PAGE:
What to expect from the new CSIR-UGC test
Under the new pattern, there will be only one paper and all questions will be of multiple choice type.
Fundamental: The new scheme for the CISR-UGC test will evaluate a candidate's knowledge of scientific concepts.
The Council of Scientific and Industrial Research in collaboration with the University Grants Commission conducts the National Eligibility Test (NET) for determining the eligibility of candidates for the award of Junior Research Fellowships (JRF) and for determining eligibility for appointment as lecturers in specified disciplines falling under the faculty of Science.
A candidate may apply either for ‘JRF + Lecturership' or for ‘Lecturership only'. It should be clearly understood that the NET declares only the eligibility. The candidates will have to try separately for JRF or appointment as lecturers.
Academic Qualification: M.Sc. or equivalent degree, with at least 55 per cent marks. A relaxation up to 5 per cent will be given to candidates belonging to Scheduled Caste, Scheduled Tribe, and physically/ visually challenged categories.
For JRF: 19 to 28 years. Upper age-limit may be relaxed up to 5 years for candidates belonging to SC / ST / OBC (Non-Creamy Layer), physically/ visually challenged and female applicants.
For Lecturership: Minimum 19 years. No upper age limit.
As per the pattern in vogue till December 2010, there were two papers each of two and a half hours duration. The two papers were scheduled in two sessions on the same day. A candidate could opt for any one of the five streams provided — chemical / Earth / life / mathematical / physical sciences — depending on his qualification.
Part ‘A' of paper I with 40 general science questions was common to all candidates. A candidate was required to answer a maximum of 25 questions from part ‘A'. In case, a candidate answered more than 25 questions, only the first 25 answered questions was taken up for evaluation.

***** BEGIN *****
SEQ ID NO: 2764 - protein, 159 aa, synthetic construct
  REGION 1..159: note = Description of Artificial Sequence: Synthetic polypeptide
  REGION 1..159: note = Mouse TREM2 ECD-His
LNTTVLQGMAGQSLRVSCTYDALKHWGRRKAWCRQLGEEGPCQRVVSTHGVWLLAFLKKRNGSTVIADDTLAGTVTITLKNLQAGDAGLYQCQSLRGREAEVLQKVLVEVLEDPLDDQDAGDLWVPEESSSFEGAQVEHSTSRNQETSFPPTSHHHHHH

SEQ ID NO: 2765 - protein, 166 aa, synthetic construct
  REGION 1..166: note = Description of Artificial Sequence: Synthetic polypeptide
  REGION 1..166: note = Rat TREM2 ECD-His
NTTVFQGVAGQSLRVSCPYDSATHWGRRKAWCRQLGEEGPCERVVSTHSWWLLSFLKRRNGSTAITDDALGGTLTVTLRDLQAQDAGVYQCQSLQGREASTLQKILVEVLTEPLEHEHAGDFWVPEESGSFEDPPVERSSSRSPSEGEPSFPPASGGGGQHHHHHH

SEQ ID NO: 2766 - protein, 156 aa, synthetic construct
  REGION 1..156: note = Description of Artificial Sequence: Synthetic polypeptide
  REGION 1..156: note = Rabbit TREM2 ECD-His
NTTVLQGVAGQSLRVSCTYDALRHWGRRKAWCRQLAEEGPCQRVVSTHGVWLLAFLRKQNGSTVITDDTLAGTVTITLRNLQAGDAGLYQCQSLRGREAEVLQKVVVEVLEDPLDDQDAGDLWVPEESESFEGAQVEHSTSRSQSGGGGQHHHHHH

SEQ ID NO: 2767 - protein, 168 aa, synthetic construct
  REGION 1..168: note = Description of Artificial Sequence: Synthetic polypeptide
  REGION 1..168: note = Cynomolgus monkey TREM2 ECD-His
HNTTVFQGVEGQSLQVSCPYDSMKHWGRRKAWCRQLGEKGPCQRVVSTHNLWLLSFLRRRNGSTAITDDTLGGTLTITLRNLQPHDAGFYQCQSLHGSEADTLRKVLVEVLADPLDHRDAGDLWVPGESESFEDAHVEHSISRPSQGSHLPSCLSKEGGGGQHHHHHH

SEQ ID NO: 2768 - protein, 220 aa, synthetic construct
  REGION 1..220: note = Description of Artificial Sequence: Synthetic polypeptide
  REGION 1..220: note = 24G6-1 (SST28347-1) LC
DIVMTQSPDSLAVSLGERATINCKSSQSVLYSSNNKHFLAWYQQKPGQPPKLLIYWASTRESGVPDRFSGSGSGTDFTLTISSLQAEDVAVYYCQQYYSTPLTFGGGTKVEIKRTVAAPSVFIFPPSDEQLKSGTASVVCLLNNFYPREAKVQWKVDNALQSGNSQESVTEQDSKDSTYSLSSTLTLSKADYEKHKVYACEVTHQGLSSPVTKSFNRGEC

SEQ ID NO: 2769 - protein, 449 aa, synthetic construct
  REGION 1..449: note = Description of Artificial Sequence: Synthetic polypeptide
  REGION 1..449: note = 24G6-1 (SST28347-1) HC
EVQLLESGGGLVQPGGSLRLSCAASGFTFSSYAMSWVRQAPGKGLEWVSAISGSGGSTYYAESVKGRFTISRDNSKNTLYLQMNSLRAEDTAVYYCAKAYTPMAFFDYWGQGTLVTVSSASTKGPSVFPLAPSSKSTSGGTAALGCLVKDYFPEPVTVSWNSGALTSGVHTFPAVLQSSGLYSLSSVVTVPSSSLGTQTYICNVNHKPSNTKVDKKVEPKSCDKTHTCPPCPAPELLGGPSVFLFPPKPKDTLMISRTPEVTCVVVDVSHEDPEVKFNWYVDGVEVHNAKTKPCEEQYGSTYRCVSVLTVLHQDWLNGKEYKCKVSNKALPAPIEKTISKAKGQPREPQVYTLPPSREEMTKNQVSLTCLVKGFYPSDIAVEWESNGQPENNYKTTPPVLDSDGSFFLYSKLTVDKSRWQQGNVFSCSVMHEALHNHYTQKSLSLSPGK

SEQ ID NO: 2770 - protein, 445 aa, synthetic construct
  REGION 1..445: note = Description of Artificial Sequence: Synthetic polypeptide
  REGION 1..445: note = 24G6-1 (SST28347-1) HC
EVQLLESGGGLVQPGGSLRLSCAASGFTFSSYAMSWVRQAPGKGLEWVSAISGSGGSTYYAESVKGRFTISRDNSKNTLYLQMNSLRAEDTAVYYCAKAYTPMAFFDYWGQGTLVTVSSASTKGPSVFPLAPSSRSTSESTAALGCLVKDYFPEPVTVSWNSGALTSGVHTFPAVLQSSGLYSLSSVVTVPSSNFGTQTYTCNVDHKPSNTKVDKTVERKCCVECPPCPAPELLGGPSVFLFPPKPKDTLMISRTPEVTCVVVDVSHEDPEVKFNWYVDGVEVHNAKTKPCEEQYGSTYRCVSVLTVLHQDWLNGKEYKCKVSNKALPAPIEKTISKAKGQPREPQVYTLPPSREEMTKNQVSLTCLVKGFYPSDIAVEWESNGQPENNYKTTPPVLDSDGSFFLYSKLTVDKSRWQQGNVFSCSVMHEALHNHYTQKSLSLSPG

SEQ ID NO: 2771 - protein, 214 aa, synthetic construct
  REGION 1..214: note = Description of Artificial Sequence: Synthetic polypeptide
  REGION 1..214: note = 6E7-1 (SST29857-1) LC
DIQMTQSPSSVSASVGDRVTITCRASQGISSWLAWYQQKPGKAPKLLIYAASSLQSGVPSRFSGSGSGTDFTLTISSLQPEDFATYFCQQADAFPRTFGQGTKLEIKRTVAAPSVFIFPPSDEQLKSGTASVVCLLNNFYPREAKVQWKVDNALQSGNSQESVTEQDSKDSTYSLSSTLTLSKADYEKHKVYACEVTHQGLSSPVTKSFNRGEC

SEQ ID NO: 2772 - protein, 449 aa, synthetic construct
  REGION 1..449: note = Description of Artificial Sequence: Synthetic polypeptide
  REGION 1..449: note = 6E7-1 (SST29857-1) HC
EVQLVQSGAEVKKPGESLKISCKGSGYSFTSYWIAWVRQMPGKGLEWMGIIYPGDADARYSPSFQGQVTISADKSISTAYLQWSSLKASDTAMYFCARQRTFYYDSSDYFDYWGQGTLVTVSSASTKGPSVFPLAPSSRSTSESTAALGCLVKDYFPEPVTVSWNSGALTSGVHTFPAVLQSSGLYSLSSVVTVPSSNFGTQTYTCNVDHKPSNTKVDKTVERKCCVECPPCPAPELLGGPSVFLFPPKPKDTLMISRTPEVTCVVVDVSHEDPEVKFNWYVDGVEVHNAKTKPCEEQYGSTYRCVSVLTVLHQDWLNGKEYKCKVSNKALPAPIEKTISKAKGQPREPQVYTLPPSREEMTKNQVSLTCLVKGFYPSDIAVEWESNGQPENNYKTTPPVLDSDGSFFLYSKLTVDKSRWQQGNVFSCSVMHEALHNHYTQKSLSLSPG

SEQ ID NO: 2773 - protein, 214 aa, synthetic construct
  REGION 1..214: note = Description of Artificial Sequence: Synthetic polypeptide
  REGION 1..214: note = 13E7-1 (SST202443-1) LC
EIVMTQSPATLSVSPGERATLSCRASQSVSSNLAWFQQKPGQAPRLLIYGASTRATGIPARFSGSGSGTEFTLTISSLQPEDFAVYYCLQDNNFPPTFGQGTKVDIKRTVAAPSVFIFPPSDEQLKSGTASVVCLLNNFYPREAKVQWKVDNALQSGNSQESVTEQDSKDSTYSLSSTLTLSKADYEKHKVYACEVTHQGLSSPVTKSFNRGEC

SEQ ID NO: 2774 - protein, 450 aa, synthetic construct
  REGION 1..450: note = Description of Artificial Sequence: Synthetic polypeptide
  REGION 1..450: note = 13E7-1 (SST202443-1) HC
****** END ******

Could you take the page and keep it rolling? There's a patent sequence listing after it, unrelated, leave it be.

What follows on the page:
Part ‘B' of paper I and paper II differed in structure and syllabi, depending on the stream selected. There were short-answer questions also.
The new scheme will take effect from June 2011. The five streams will be retained. But there will be only one paper in place of the present two. All questions will be of multiple choice type.
The question paper in each stream will be for three hours, and will carry a maximum of 200 marks. The question paper will be divided into three parts.
Part A: Common to all subjects. A maximum of 20 questions of two marks each, on general science and research aptitude. A candidate can answer any 15 questions. Maximum 30 marks.
Part B: Will contain subject-related conventional MCQs. The maximum number of questions to be attempted shall be in the range of 25-35. Maximum 70 marks.
Part C: Will contain higher value questions that would test the candidate's knowledge of scientific concepts and / or application of the scientific concepts. The questions will be of analytical nature where a candidate is expected to apply scientific knowledge to arrive at the solution to the given scientific problem. Maximum 100 marks.
There will be negative marking of 25 per cent for wrong answers. To enable the candidates to go through the questions, the question paper booklet will be distributed 15 minutes before the scheduled time of the exam. The answer sheet however will be distributed only at the scheduled time of commencement of the examination.